Amongst the highlights of Jack Zduriencik’s tenure as Seattle GM ; the acquisition of an accused rapist, a feigned zeal for statistical analysis, and presiding over a rehabbing player being pelted with an ice cream sandwich by an M’s scout. Zduriencik (above) was relieved of his duties early Monday, and U.S.S. Mariner’s Marc W. suggests his love affair with the Mariners has been forever tainted by the former GM’s underachievement, or if you prefer, “the intensity of my fandom’s been permanently restricted”.
A big part of that might be age and life and the way 518 losses in 5.5 years rewires your brain to spare you some pain. But a part of it is that we fell too hard for the idea that the right executive is all you need. That a General Manager can remake an organization, from top to bottom, relatively quickly and have everything just work out. We see this all the time – Cardinals fans believe in their org, and Astros fans will tell you more than you wanted to know about their vaunted Process. But the more you look into them, the more you see just how extensive change needs to be. The Cards aren’t the Cards because of their GM, they’re where they are because of dozens or hundreds of people. A leader can be vital in creating and nurturing a culture that works for player development or pro scouting, but it takes an entire organization to make it work. As fans, we thought at one point that Zduriencik was a kind of cheat code – his blend of scouting acumen and willingness to listen to newfangled metrics would blend the best of old school and new and make the Cardinals look like the St. Louis Browns in short order. Instead, what we saw was a front office that seemed to be at war with itself. Instead of creating a culture, the GM created a growing list of enemies. Nearly every group – from Pro Scouting to Player Development was overhauled, and nothing much seemed to change.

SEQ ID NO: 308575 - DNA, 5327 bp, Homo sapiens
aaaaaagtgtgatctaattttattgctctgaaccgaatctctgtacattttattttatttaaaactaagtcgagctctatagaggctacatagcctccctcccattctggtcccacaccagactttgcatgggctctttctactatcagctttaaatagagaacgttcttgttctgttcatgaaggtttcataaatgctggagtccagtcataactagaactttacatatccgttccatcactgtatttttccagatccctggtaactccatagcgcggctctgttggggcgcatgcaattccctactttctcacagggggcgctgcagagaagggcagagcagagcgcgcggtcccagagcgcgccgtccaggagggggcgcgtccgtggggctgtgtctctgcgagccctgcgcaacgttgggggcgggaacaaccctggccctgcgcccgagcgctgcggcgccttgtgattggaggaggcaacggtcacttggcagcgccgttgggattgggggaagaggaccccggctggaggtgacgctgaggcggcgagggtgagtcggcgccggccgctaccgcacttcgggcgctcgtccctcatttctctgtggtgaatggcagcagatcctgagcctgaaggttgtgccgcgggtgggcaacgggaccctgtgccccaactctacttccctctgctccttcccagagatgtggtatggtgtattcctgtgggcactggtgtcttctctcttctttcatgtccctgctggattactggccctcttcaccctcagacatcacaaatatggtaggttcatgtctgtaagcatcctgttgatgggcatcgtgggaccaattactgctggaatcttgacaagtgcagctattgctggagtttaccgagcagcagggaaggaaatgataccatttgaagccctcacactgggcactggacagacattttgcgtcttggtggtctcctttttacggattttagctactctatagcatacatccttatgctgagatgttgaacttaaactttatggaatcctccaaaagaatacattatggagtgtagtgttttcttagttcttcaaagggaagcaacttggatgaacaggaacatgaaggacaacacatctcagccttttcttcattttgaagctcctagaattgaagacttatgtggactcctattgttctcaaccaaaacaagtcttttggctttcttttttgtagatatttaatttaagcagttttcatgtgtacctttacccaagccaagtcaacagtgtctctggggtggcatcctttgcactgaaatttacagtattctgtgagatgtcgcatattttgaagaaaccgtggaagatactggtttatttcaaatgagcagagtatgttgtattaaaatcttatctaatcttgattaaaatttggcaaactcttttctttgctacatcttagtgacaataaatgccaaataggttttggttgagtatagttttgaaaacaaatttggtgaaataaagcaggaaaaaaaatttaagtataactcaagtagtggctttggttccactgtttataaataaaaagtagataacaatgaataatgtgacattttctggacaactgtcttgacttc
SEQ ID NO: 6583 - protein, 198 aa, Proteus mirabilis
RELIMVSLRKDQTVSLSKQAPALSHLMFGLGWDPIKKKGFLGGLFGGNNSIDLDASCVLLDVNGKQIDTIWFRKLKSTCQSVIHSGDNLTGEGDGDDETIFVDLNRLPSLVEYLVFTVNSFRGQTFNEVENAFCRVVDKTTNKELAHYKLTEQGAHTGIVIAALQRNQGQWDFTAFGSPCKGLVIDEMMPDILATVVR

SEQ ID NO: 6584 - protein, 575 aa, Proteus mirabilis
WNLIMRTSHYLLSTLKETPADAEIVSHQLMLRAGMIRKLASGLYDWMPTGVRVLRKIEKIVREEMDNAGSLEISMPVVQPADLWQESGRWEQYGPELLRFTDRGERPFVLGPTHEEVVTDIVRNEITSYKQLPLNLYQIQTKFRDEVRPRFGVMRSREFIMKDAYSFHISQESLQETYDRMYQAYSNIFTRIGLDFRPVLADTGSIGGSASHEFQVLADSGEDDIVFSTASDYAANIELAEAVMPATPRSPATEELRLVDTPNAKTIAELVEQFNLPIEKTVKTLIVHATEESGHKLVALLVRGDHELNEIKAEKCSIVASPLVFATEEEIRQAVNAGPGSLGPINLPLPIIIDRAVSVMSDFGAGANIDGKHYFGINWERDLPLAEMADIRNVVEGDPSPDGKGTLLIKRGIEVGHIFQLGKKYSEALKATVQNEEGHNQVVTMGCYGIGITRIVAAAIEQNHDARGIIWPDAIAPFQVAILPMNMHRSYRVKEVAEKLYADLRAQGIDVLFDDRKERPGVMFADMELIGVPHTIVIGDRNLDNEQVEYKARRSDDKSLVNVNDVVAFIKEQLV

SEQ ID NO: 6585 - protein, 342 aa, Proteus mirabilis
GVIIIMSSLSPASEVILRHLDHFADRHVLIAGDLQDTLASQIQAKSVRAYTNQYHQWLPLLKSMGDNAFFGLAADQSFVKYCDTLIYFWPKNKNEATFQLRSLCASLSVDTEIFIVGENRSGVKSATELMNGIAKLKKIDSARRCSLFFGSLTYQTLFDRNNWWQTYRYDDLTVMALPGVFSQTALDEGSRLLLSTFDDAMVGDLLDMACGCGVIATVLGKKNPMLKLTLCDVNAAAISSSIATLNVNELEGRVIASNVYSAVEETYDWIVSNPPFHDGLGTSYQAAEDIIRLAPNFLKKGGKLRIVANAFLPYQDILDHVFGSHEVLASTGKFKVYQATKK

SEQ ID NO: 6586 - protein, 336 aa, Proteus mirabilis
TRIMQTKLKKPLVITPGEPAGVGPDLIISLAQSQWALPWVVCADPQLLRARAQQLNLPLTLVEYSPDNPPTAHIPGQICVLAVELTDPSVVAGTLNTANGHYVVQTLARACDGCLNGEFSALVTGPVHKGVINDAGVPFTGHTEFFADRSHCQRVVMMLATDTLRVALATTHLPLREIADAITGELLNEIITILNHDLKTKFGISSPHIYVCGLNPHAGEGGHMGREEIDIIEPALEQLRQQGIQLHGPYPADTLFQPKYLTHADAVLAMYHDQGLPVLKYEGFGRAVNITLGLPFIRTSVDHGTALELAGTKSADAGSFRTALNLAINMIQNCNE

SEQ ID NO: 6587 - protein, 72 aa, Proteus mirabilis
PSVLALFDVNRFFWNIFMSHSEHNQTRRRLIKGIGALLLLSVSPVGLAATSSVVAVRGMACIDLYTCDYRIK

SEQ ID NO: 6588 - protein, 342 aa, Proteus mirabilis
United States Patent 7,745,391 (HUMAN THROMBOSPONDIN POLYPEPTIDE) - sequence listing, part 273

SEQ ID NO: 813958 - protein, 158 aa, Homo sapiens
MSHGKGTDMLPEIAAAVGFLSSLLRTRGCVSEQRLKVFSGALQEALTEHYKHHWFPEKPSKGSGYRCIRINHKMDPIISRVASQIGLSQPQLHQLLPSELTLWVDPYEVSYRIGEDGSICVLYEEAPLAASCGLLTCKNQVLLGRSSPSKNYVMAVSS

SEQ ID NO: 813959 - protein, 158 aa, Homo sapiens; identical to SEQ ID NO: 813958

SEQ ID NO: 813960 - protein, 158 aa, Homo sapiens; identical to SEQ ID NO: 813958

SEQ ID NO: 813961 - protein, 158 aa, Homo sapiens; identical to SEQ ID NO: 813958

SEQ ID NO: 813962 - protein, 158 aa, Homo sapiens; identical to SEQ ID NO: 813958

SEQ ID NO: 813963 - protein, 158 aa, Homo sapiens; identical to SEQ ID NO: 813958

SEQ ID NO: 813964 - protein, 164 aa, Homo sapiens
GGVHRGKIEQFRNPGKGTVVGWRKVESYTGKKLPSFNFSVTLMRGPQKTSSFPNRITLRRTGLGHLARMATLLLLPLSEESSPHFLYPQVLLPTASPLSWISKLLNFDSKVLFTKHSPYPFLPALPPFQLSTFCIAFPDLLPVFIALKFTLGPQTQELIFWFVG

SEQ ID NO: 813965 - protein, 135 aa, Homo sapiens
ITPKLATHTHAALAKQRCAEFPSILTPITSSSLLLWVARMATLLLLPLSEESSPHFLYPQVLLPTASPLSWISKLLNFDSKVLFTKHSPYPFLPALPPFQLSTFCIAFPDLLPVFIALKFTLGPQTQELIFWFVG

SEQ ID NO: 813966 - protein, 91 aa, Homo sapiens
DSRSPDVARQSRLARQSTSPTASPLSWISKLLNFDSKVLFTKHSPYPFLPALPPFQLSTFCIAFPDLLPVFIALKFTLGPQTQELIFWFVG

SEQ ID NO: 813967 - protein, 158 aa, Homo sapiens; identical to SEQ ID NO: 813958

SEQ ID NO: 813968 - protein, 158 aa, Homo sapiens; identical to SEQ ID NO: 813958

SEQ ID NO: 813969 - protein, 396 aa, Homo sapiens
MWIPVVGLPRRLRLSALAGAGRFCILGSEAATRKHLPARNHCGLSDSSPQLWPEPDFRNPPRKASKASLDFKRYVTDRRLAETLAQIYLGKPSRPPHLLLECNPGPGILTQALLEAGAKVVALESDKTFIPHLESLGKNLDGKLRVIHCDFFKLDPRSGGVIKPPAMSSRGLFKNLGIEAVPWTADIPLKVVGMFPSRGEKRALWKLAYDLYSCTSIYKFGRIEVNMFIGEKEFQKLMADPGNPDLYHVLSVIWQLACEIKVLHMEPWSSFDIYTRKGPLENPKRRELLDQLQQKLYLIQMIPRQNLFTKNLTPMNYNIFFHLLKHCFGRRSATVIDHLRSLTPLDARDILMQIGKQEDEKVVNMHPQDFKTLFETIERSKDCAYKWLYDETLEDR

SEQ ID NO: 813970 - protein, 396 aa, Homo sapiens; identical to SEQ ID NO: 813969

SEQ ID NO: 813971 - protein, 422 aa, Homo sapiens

The M’s front office was incapable of building a team to reliably compete in the AL. The M’s realized this and made a change. Realistically, the M’s are further from their goal of competing in the medium term than they were before the year started, but even this helped clarify things and point a way forward. We knew before the year that the M’s had risks at the catcher spot, the bullpen and CF, and those risks have ended up sinking the season. The risks have turned into a shopping list or a player development challenge. Someone else will figure out what to do about these issues, and I’m excited to see what they do. I’ll just never be excited as I was in December of 2009 again.